In early 2022, the Iowa Legislature passed HF 2317. This law reduced individual and corporate income tax rates, provided exemptions from Iowa tax for most forms of retirement income--including retired farmer rental income--and scaled back the Iowa capital gain deduction.

On November 21, 2023, the Iowa Court of Appeals affirmed that Iowa’s partition law did not apply to farmland owned by a trust. Iowa Code chapter 651 contains special provisions for the partition of “heirs property.” Because the farmland was not held in tenancy in common, the farmland did not qualify as “heirs property.” See Iowa Code § 651.1. 

On October 11, 2023, the Iowa Court of Appeals found that one brother failed to properly account to his brothers for the farming proceeds received while marketing organic crops. The two brothers lost their organic certification in 2015 and for the next two seasons enlisted their brother, Dietrich, to obtain the required certifications and market the crops. Eventually the two brothers sued Dietrich for an accounting and payment due, claiming their brother had a fiduciary duty to them.

On October 11, 2023, the Iowa Court of Appeals affirmed the district court when it ruled that one owner of tenancy-in-common could not terminate a farm lease entered into by a life estate holder without the permission of the other co-owners. The court also affirmed that a co-executor could not terminate a farm lease during probate administration without the unanimous consent of the other co-executors.

After disagreements over the boundary line between two neighbors occurred, the plaintiffs brought this lawsuit alleging boundary by acquiescence and adverse possession. The trial court found that the plaintiffs had maintained the 8.5-foot strip of land and ruled in favor of the plaintiffs. On appeal, the court found that the plaintiffs only began maintaining the disputed area six years earlier when the defendants purchased the adjoining parcel. Because the plaintiffs did not meet the statutory ten-year requirement for either claim, the Court of Appeals reversed the district court’s ruling.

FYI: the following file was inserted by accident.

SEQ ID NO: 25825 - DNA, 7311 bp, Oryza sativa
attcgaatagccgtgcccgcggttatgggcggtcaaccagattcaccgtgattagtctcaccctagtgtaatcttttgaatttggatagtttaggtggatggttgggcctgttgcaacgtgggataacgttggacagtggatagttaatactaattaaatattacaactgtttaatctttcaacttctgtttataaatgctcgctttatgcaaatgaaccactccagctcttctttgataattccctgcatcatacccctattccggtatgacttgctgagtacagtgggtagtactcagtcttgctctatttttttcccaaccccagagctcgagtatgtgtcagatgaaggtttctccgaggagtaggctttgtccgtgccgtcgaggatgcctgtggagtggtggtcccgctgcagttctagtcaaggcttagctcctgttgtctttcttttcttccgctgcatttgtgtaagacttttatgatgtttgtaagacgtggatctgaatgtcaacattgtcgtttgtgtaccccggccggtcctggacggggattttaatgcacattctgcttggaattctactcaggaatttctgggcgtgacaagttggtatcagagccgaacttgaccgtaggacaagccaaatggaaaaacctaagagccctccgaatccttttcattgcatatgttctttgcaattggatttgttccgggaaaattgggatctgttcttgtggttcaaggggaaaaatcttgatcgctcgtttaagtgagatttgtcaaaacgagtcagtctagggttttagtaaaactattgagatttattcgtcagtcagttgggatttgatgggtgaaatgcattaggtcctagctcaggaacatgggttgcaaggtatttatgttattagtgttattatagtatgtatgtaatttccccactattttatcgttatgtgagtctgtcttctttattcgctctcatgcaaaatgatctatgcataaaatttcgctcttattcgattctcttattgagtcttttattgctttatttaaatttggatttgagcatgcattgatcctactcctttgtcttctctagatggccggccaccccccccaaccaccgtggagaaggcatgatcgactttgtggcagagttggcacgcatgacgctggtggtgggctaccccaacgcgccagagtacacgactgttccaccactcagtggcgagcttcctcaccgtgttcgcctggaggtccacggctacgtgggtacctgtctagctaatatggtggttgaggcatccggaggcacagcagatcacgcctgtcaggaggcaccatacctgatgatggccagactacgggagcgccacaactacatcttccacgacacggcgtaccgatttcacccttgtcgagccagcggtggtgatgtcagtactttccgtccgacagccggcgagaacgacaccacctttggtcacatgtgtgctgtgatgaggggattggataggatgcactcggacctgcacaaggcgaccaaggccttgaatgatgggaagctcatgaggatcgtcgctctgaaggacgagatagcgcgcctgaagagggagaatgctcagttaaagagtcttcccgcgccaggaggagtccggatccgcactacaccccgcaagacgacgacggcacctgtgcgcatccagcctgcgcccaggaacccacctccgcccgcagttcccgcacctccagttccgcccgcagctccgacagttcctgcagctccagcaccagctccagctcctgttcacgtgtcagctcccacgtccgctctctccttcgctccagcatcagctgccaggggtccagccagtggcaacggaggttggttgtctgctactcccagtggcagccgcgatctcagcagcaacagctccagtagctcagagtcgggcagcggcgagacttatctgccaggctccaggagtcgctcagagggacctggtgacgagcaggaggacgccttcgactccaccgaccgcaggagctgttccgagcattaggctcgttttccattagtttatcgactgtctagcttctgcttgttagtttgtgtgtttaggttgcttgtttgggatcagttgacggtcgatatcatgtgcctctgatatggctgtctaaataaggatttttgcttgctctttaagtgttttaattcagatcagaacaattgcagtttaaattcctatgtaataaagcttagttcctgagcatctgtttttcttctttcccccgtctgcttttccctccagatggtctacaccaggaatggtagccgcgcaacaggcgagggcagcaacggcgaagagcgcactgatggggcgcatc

Beginning July 1, 2023, Iowa producers can sell raw milk within the state under certain conditions. SF 315 provides requirements for the production, sale, and testing of raw milk, raw milk dairy products, and raw milk products. Previously, only Grade “A” pasteurized milk and milk products could be sold. Iowa Code § 192.103 (2022). Before selling raw milk, producers should carefully consider the specific restrictions under the law and potential liabilities.

July 14, 2023 | Jennifer Harrington

On July 13, 2023, the Iowa Court of Appeals held that a soybean buyer repudiated the contract when it repeatedly delayed and prevented delivery of soybeans from the farmer. The contract did not specify a time of delivery, but customary practice created an implied term within the contract that prevented the buyer from delaying the delivery for more than five months. The farmer was allowed to sell to another buyer and no damages were owed to the original buyer.

A semi-truck collided with a cow standing on the interstate. The driver brought a negligence lawsuit against the livestock owner claiming that he suffered personal injuries and property damage. The district court determined that the driver failed to prove that the livestock owner breached a duty of care. On appeal, the court affirmed that there was insufficient evidence that the owner failed to use ordinary care to constrain the animal.